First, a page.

A Manual of the Public Benefactions of Andrew Carnegie

By Carnegie Endowment for International Peace | Go to book overview

APPENDIX
The following documents bearing upon the organization, history and work of the Foundation are included in the Appendix.
The Letter of Mr. Carnegie establishing the trust.
The Original Board of Trustees and the constitution of the Board as of July 1, 1918.
The Executive Officers.
The Charter.
List of Associated Colleges and Universities.
List of Publications.

NEW YORK, April 16, 1905.

GENTLEMEN: I have reached the conclusion that the least rewarded of all the professions is that of the teacher in our higher educational institutions. New York City generously, and very wisely, provides retiring pensions for teachers in her public schools and also for her policemen. Very few indeed of our colleges are able to do so. The consequences are grievous. Able men hesitate to adopt teaching as a career, and many old professors whose places should be occupied by younger men, can not be retired.

I have, therefore, transferred to you and your successors, as Trustees, $10,000,000.00, 5 per cent first mortgage bonds of the United States Steel Corporation, the revenue from which is to provide retiring pensions for the teachers of universities, colleges, and technical schools in our country, Canada and Newfoundland under such conditions as you may adopt from time to time. Expert calculation shows that the revenue will be ample for the purpose.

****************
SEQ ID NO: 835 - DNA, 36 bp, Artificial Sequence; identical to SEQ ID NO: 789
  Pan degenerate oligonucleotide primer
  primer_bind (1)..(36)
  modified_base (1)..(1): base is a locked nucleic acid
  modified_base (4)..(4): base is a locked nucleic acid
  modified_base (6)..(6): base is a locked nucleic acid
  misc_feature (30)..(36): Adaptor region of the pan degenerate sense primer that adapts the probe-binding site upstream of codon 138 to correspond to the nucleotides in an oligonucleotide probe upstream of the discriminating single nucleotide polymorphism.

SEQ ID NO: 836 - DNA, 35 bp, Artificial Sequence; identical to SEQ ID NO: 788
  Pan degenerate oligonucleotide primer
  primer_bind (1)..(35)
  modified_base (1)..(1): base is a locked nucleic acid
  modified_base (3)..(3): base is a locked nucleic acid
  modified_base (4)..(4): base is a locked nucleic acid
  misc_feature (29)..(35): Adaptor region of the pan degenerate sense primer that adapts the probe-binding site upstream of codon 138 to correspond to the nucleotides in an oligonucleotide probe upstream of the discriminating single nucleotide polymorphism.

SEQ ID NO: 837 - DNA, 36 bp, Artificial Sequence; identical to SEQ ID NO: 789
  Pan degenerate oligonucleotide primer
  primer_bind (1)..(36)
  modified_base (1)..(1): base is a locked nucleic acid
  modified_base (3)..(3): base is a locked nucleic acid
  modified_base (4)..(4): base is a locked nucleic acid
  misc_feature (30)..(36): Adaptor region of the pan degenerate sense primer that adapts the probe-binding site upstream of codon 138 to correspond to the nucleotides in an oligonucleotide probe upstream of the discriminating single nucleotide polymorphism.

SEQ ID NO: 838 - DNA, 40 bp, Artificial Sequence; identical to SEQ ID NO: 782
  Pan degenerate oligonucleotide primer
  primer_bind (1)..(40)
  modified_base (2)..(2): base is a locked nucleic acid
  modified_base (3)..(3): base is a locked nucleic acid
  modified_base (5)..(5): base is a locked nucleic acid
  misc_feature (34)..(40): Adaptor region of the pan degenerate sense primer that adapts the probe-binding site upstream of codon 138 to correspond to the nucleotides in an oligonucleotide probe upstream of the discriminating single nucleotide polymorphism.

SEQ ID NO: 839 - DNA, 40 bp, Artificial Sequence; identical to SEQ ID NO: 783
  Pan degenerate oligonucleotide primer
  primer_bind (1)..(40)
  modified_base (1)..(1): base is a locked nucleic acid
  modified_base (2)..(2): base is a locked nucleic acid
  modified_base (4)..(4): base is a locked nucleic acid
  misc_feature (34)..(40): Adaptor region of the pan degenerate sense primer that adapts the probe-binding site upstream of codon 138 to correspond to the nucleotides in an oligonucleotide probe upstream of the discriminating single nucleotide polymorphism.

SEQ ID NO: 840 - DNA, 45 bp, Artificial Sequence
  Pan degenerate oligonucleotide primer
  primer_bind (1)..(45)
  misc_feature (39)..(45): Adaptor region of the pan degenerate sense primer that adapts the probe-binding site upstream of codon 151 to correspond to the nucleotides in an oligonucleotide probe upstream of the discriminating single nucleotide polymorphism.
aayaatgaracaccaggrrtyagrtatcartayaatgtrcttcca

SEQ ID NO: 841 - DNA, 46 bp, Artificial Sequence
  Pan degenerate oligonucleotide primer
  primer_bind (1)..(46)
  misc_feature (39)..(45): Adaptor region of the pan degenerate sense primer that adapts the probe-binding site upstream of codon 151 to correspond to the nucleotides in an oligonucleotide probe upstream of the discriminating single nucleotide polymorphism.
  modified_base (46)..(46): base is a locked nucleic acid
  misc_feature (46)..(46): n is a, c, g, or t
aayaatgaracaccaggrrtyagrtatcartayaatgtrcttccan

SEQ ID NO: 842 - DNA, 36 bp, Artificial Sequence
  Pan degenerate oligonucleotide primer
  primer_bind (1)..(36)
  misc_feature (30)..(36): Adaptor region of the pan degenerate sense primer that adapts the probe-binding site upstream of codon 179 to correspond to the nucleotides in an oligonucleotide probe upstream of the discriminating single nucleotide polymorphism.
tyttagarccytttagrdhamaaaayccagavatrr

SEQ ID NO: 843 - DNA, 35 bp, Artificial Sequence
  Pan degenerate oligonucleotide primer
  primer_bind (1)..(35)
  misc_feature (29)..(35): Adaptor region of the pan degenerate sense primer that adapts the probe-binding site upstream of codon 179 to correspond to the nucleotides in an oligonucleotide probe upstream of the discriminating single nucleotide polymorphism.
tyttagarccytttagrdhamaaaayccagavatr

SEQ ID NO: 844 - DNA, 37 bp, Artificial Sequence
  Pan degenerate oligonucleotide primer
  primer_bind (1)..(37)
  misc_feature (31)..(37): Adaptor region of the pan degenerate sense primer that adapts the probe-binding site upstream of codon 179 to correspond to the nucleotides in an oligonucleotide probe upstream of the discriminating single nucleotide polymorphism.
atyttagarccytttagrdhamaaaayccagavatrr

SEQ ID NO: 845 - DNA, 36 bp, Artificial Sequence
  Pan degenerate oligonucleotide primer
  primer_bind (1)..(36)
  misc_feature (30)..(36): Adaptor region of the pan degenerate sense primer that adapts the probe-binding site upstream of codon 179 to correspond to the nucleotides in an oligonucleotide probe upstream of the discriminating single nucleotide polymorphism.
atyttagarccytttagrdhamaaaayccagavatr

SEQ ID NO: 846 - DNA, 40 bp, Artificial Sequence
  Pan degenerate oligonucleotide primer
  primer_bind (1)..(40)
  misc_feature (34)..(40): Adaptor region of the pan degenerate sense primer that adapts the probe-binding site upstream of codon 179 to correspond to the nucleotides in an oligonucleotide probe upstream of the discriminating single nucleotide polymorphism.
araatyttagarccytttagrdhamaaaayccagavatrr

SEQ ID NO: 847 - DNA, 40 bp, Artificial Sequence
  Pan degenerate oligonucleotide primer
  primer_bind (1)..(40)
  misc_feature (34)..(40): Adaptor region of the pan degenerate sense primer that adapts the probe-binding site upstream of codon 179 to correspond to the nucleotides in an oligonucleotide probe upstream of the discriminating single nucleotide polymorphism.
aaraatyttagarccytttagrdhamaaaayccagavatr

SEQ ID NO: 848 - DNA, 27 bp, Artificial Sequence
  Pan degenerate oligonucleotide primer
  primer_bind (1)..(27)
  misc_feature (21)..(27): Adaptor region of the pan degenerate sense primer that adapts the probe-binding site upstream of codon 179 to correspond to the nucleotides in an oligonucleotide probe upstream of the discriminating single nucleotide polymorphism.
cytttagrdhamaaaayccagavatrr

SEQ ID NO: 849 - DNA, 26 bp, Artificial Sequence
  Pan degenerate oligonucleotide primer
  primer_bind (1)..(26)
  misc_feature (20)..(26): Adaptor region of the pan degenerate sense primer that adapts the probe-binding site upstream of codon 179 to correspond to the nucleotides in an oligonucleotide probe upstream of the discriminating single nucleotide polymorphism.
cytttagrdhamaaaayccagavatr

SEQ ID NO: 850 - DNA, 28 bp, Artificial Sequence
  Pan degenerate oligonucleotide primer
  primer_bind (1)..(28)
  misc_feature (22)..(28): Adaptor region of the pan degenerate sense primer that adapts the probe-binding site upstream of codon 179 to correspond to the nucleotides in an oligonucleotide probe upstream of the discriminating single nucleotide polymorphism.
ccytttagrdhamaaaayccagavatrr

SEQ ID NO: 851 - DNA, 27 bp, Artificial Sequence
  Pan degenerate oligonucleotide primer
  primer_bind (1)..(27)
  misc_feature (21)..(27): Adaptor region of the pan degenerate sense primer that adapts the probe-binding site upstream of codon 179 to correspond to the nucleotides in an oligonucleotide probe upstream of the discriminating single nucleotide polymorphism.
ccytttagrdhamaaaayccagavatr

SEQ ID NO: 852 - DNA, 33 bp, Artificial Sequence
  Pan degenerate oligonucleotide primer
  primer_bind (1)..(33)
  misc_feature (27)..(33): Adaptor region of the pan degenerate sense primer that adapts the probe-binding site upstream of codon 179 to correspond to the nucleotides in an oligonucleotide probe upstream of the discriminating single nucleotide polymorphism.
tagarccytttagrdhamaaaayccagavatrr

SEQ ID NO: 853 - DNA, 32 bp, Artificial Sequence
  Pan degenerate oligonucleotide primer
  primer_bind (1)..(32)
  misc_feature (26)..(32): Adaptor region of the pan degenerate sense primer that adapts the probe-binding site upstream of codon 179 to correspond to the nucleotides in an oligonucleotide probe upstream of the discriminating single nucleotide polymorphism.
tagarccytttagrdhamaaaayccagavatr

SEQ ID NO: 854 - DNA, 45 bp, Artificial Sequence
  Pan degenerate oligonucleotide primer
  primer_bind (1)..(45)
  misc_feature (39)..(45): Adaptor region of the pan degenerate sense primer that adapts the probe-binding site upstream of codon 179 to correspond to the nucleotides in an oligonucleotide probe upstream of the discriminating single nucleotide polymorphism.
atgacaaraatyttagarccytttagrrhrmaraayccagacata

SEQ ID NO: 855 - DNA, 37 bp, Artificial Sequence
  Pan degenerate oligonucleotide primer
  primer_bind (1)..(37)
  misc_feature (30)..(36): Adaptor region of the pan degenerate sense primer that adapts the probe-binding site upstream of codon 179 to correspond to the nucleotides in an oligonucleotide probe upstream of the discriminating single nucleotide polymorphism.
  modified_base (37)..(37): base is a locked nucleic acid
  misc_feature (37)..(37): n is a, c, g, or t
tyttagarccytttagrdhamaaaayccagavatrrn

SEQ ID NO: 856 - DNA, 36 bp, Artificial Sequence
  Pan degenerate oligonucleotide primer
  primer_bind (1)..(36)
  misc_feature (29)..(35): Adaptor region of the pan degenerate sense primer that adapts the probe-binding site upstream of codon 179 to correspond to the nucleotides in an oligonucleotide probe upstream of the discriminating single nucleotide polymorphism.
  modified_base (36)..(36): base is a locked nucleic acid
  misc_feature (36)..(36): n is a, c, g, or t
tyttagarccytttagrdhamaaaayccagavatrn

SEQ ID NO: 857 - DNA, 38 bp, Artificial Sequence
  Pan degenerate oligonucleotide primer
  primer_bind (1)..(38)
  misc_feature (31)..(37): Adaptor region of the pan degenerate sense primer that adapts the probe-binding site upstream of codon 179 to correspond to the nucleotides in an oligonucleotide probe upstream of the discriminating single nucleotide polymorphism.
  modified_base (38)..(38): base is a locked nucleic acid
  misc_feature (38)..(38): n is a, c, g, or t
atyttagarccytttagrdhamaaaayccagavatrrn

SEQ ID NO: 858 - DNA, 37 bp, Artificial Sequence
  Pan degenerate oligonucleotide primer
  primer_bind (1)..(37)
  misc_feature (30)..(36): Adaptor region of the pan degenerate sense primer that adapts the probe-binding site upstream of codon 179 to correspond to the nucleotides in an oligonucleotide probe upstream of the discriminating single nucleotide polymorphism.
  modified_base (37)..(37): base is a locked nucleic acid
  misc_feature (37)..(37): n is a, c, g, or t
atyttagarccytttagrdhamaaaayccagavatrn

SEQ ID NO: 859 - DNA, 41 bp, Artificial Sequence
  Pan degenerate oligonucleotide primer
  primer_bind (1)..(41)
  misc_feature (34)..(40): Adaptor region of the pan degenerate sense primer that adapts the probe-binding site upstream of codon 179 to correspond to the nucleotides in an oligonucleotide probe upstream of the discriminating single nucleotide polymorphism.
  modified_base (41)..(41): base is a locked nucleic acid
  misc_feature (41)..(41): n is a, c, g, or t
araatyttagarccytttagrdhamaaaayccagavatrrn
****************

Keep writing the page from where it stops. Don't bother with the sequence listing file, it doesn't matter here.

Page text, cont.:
The fund applies to the three classes of institutions named, without regard to race, sex, creed or color. We have, however, to recognize that State and colonial governments which have established or mainly supported universities, colleges or schools may prefer that their relations shall remain exclusively with the State. I can not, therefore, presume to include them.

There is another class which States do not aid, their constitution in some cases even forbidding it, viz., sectarian institutions. Many of these established long ago, were truly sectarian, but today are free to all men of all creeds or of none -- such are not to be considered sectarian now. Only such as are under the control of a sect or require trustees (or a majority thereof), officers, faculty or students to belong to any specified sect, or which impose any theological test, are to be excluded.

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